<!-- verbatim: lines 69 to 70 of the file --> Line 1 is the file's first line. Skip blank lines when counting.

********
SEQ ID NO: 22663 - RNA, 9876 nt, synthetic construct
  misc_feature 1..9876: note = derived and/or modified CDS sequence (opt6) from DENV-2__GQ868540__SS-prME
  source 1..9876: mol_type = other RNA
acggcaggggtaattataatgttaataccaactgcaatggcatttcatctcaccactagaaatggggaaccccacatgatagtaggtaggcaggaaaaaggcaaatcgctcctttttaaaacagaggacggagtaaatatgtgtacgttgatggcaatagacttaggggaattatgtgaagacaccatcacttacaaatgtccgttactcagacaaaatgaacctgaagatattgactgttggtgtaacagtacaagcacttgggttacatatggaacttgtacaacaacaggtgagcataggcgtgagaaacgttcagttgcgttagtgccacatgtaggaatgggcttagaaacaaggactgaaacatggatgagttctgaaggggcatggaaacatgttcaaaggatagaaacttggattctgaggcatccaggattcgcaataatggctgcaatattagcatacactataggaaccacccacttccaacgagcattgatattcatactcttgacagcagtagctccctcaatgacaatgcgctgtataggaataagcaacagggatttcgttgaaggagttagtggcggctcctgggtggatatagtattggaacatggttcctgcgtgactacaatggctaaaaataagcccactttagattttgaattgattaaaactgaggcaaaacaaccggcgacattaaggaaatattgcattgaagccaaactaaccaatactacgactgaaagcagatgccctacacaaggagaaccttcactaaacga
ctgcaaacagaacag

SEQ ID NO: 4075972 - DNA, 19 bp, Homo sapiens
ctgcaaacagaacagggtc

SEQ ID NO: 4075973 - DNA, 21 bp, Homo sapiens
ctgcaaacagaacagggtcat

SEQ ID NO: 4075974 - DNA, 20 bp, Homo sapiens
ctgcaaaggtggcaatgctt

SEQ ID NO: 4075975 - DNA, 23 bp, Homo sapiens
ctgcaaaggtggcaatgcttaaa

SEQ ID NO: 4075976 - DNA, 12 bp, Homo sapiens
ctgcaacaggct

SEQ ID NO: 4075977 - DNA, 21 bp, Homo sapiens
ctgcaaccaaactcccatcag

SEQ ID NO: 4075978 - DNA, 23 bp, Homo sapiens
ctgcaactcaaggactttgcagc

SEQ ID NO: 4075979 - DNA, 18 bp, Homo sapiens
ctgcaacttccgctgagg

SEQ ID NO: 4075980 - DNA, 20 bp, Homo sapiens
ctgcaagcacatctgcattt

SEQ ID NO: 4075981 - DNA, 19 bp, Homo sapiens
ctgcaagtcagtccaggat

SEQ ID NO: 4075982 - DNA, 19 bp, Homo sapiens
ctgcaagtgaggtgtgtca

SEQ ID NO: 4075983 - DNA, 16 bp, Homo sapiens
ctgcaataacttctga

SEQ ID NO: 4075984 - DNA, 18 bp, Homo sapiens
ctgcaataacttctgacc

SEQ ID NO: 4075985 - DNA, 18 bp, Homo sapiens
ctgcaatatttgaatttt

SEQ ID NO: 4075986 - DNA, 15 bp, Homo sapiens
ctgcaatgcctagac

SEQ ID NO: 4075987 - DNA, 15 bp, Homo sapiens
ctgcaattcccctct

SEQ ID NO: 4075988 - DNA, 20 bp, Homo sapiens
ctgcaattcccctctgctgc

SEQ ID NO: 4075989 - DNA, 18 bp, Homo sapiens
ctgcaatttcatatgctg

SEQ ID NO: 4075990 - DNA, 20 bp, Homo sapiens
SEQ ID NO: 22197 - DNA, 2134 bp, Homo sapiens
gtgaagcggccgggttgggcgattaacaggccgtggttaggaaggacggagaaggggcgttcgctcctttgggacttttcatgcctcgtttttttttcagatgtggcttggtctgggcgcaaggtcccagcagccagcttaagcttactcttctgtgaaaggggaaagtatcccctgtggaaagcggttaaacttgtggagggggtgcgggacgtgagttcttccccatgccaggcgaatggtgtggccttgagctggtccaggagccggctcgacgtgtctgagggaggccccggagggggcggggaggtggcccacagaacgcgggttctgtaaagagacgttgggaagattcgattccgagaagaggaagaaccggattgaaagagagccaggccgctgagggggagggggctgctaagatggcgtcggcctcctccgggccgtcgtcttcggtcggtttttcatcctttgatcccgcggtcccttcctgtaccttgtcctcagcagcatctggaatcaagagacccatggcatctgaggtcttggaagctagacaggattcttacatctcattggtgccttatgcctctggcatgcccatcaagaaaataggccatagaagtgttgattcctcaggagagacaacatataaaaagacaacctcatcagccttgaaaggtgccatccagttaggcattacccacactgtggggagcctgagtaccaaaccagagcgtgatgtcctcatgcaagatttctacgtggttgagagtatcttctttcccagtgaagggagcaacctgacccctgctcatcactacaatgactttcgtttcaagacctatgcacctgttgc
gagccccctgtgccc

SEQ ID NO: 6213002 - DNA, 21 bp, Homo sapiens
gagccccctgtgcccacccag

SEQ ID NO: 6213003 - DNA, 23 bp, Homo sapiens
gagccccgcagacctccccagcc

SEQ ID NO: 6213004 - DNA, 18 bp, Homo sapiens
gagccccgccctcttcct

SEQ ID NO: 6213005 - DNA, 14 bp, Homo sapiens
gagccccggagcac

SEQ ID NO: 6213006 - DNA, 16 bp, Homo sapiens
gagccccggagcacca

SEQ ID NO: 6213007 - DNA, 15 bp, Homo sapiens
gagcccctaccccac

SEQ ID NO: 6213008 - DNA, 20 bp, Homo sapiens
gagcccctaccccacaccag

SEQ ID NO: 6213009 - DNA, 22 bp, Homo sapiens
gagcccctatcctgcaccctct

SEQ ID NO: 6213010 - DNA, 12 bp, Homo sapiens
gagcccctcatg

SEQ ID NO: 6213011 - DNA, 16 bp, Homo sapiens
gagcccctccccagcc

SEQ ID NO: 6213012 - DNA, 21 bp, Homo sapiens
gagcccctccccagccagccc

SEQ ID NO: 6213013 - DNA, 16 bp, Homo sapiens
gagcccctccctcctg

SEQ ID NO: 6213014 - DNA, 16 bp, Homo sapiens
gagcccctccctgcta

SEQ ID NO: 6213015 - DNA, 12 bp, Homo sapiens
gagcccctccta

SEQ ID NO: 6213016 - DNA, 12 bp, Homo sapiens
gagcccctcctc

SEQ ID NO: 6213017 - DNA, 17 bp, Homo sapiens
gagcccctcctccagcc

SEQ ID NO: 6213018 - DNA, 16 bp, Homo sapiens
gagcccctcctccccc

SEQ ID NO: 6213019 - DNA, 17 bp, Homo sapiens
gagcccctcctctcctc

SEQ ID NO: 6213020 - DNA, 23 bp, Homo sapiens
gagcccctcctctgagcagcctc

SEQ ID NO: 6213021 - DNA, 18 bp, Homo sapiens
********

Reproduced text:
gagcccctccctcctg

SEQ ID NO: 6213014 - DNA, 16 bp, Homo sapiens